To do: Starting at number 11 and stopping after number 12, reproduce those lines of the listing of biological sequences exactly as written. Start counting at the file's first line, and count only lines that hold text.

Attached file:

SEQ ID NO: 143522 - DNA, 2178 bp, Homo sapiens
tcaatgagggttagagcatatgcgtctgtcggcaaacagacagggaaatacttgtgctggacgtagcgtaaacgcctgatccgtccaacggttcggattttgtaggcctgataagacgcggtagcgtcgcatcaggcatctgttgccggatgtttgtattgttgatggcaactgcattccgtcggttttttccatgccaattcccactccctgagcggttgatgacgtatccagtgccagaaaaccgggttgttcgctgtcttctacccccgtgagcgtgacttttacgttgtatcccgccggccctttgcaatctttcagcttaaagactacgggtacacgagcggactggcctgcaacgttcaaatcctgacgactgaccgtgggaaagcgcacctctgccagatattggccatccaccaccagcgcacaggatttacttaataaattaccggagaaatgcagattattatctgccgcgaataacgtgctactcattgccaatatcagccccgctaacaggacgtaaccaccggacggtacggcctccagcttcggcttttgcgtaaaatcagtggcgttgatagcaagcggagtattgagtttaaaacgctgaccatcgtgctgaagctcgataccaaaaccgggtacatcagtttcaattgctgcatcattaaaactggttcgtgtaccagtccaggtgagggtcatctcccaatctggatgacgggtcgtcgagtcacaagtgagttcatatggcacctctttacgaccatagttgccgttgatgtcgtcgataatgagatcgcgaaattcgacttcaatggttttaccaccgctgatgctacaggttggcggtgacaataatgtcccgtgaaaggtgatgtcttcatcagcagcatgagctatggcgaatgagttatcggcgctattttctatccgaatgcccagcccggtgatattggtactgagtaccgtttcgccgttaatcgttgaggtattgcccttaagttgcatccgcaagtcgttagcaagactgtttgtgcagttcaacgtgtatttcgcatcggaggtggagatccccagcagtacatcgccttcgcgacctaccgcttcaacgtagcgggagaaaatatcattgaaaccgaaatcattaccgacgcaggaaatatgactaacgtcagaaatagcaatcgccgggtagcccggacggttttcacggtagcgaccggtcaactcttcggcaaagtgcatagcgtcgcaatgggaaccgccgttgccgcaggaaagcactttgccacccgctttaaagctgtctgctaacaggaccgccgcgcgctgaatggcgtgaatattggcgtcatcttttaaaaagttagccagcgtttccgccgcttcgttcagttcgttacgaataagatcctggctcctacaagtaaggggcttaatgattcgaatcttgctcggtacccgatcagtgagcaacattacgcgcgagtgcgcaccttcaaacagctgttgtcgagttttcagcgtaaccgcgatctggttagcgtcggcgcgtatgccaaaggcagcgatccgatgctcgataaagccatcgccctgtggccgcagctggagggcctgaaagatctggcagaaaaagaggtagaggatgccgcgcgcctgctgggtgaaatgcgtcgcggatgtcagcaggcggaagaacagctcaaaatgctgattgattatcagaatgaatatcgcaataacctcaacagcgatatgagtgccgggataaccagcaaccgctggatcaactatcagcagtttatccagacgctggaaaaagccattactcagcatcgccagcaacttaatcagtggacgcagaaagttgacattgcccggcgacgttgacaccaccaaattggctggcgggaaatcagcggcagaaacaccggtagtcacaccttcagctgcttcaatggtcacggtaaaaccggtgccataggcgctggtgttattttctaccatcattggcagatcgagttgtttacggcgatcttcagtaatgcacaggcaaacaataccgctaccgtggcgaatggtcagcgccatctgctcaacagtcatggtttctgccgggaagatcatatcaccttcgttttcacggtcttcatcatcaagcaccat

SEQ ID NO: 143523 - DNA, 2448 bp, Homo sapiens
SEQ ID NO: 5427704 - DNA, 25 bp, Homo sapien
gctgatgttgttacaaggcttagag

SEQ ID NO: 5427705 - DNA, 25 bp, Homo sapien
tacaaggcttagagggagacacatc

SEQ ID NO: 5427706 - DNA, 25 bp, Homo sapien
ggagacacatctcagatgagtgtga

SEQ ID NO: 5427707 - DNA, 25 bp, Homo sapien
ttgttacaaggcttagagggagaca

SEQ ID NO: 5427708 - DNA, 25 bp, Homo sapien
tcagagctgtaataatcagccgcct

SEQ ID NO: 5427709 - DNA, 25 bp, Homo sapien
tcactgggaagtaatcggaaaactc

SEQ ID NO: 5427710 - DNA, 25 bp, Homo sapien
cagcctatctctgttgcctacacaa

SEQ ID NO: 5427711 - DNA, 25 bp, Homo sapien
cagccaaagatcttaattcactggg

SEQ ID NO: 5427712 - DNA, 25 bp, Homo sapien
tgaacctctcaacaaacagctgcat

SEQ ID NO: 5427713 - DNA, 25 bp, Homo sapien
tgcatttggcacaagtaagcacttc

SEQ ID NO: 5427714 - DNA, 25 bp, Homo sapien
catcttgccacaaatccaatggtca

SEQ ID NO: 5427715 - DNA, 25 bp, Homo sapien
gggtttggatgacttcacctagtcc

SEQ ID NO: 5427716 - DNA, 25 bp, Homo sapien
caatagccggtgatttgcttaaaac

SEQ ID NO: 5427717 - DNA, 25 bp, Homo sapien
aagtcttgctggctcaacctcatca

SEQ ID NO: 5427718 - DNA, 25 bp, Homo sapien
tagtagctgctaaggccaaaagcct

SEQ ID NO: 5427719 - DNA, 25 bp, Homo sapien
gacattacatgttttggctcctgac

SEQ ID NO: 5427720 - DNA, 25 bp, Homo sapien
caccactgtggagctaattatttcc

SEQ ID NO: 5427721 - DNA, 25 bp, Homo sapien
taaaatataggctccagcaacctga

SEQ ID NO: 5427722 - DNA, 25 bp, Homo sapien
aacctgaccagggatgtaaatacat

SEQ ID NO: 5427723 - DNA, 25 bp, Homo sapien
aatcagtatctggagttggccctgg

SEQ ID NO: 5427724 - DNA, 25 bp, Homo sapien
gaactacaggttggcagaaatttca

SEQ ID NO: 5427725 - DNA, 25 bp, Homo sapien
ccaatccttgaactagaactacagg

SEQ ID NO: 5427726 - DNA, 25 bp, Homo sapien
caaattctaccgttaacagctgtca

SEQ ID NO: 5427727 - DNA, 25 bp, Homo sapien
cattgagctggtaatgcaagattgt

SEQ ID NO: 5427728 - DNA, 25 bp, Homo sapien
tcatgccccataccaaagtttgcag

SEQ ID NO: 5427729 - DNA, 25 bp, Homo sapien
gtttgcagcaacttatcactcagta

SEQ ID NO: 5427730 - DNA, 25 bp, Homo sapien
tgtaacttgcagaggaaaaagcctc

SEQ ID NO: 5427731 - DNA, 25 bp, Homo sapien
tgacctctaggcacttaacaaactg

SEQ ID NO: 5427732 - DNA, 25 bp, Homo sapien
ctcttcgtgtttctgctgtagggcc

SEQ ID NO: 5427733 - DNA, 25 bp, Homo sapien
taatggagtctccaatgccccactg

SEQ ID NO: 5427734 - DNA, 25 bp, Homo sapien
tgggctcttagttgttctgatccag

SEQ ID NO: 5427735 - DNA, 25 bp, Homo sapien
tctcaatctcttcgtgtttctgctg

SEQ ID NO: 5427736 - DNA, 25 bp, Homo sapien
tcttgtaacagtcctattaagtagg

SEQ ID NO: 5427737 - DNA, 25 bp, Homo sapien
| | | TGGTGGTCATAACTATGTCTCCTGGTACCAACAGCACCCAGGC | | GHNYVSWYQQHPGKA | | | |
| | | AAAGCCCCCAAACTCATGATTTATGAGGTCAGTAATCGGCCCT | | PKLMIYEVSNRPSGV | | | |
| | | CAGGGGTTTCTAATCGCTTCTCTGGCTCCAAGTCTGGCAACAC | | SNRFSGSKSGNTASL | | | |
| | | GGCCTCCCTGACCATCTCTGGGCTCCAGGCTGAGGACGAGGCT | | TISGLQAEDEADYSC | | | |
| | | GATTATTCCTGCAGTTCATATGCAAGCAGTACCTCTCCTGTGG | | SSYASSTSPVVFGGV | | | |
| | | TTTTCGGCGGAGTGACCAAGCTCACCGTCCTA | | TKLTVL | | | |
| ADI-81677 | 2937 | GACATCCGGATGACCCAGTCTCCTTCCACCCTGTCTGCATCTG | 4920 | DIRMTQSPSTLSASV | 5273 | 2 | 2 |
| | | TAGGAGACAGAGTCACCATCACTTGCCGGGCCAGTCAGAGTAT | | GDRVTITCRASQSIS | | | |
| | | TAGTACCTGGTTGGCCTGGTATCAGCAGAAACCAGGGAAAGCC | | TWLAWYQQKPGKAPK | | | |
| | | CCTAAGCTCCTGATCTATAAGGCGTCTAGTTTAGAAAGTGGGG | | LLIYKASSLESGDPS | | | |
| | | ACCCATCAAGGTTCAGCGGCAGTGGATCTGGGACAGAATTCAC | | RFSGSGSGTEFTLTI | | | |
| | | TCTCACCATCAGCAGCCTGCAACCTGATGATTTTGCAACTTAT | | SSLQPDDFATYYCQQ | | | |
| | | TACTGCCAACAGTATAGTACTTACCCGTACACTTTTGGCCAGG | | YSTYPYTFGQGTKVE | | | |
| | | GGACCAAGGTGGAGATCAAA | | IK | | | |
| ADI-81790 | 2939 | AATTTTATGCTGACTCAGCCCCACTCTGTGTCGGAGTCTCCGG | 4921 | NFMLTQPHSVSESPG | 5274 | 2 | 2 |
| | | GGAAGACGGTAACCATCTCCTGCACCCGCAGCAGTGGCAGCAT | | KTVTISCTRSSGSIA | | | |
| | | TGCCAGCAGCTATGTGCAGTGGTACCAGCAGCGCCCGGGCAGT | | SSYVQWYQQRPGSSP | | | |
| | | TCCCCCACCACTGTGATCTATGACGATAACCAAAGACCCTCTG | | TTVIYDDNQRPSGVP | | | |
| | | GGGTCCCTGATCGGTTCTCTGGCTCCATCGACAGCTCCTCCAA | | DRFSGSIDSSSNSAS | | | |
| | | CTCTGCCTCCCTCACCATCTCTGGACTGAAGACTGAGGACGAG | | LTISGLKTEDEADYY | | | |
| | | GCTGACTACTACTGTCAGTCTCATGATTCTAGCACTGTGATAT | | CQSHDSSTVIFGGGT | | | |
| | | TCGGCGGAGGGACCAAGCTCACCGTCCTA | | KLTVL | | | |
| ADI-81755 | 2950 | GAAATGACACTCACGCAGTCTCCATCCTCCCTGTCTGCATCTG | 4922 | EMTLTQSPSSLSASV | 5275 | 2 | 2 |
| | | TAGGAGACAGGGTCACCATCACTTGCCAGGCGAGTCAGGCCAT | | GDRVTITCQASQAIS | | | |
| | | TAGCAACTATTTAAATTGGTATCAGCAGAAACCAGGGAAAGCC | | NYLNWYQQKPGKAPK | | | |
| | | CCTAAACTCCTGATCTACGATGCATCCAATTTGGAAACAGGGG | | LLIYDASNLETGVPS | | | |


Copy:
ttgttacaaggcttagagggagaca

SEQ ID NO: 5427708 - DNA, 25 bp, Homo sapien